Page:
with a decentralized model of development. As far as being the "wise man"
for some particular area is involved, there is simply no need to declare me
the formal steward, because it wouldn't change anything - after all, if I
see some question that I find the time to answer, I'll do this anyways.
Given that, what would be the point in declaring me the "steward"? You get
everything that I can handle already, and formally declaring me to be the
"steward" can only mean that you want to assign new tasks to me, tasks for
which I cannot guarantee that I can or want to handle them.
Given the above, can you see any reason whatsoever why I should (or even
want to) be declared a steward for the areas you are proposing?!
Perhaps as some additional food for thoughts, if I think about the form in
which I could imagine to be a steward/maintainer for some aspect of Squeak
it immediately comes to my mind that the first and faremost issue is that of
enabling _others_ to be able to work on that same package. Since all of us
have only a limited amount of time I think it is critical that more than one
person is responsible for a particular package. One way in which I could
imagine this, is by essentially giving each package its own update stream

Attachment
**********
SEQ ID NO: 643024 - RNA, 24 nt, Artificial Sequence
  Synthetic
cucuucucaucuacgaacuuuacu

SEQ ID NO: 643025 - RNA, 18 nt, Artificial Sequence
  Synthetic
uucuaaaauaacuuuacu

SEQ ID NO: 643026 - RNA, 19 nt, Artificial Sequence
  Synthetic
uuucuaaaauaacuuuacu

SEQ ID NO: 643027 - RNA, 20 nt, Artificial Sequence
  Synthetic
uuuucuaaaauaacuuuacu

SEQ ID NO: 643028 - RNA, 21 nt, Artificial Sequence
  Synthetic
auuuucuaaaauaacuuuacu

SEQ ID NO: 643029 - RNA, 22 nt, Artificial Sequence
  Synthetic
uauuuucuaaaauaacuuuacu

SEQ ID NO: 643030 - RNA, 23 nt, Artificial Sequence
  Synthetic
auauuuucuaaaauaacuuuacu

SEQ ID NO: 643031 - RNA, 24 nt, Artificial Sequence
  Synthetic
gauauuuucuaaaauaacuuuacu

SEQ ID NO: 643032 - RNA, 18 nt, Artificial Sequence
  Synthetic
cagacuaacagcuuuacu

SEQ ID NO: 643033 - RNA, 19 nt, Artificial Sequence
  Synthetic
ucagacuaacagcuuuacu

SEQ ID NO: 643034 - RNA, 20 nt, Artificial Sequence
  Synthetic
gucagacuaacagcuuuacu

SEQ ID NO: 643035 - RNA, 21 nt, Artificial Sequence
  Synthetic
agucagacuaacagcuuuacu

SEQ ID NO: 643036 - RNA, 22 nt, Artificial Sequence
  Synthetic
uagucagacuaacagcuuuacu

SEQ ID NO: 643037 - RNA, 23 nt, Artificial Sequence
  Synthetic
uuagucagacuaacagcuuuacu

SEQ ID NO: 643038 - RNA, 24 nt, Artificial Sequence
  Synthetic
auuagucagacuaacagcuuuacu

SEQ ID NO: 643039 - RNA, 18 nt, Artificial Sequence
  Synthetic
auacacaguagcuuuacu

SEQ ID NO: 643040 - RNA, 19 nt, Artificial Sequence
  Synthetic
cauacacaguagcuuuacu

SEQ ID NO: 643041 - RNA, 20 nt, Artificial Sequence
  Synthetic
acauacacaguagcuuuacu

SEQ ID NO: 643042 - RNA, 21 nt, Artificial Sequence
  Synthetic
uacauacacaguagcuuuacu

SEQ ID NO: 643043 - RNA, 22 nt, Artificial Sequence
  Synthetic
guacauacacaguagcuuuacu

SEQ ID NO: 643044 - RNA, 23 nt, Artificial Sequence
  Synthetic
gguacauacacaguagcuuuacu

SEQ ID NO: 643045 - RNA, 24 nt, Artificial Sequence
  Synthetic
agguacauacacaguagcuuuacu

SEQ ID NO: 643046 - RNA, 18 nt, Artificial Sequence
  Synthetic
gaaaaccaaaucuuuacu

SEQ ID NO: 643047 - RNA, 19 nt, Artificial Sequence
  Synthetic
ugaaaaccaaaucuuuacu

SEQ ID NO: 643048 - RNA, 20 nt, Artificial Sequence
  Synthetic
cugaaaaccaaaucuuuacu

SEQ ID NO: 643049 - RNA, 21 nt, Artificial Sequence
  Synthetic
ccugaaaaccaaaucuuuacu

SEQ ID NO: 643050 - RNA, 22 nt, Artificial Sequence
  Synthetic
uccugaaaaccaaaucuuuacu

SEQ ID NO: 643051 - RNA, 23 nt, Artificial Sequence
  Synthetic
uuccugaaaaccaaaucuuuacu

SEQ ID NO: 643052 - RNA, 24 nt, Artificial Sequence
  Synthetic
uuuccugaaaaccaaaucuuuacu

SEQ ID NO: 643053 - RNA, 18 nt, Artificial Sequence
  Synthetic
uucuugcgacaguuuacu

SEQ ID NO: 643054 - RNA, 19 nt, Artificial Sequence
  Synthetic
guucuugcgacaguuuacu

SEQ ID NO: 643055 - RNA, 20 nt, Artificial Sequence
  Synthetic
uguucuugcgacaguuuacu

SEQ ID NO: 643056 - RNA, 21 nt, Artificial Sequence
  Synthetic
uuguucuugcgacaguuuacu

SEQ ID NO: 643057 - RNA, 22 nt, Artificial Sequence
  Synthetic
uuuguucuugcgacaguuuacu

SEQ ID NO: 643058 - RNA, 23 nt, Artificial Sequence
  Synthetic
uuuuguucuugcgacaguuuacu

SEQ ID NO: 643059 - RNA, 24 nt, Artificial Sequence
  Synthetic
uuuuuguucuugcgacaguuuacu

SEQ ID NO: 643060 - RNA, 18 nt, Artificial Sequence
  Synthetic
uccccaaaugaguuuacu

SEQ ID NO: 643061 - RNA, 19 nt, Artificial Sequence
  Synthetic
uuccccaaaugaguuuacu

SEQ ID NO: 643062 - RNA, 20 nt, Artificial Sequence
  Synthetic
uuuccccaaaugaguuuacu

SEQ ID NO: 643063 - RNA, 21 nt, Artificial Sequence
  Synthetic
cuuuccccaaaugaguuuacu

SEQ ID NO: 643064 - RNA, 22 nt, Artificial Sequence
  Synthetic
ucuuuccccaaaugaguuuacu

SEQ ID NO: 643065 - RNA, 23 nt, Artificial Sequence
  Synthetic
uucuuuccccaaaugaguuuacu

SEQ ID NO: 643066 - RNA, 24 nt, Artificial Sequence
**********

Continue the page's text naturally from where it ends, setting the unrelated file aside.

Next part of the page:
which is used for the developers of some package. In this case, any of the
developers would be able to post and review changes that are done in this
area, and "releases" mean only that the incremental updates are merged and
put out as package at SM.
Of course, this requires trust in the developers working in a particular
area, but this could then be the primary task of the Steward - to identify
developers both interested and capable of working in this area. The
essential model would be that the community (represented by the guides)
hands their trust into the Steward and the Steward hands this trust to the
group of developers involved. Whether the Steward herself hacks along with
the developers is quite a different matter; she would simply be the person
ultimately responsible for some package. So that feature requests, bug
fixes, blames would rightfully go to the Steward and from there be relayed
to the developers involved. Conceptually, SourceForge is not a bad model for
this - it allows registered developers to participate in projects for which
they need blessing by one of the admins of that project. In Squeak terms,
the initial admin for one of these projects (packages) would be the steward
and from there, more people could join in.
> -----Original Message-----
> From: Hannes Hirzel [mailto:hannes.hirzel.squeaklist at bluewin.ch]
> Sent: Saturday, March 08, 2003 5:02 PM
> To: Andreas Raab
> Cc: Doug Clapp; Brent Vukmer
> Subject: Your stewardship(s)
> Dear Andreas
> May I draw your attention to the page
> Stewards for Packages
> Is it OK that we put you on the list as the
> steward for Balloon and Balloon3D. I think
> that no discussion on the list is needed
> because as the original author of this you
> actually *are* the steward as well
> unless you want to change that.
> The same might apply for other "Squeak estates",
> FFI for example.
> What do you think?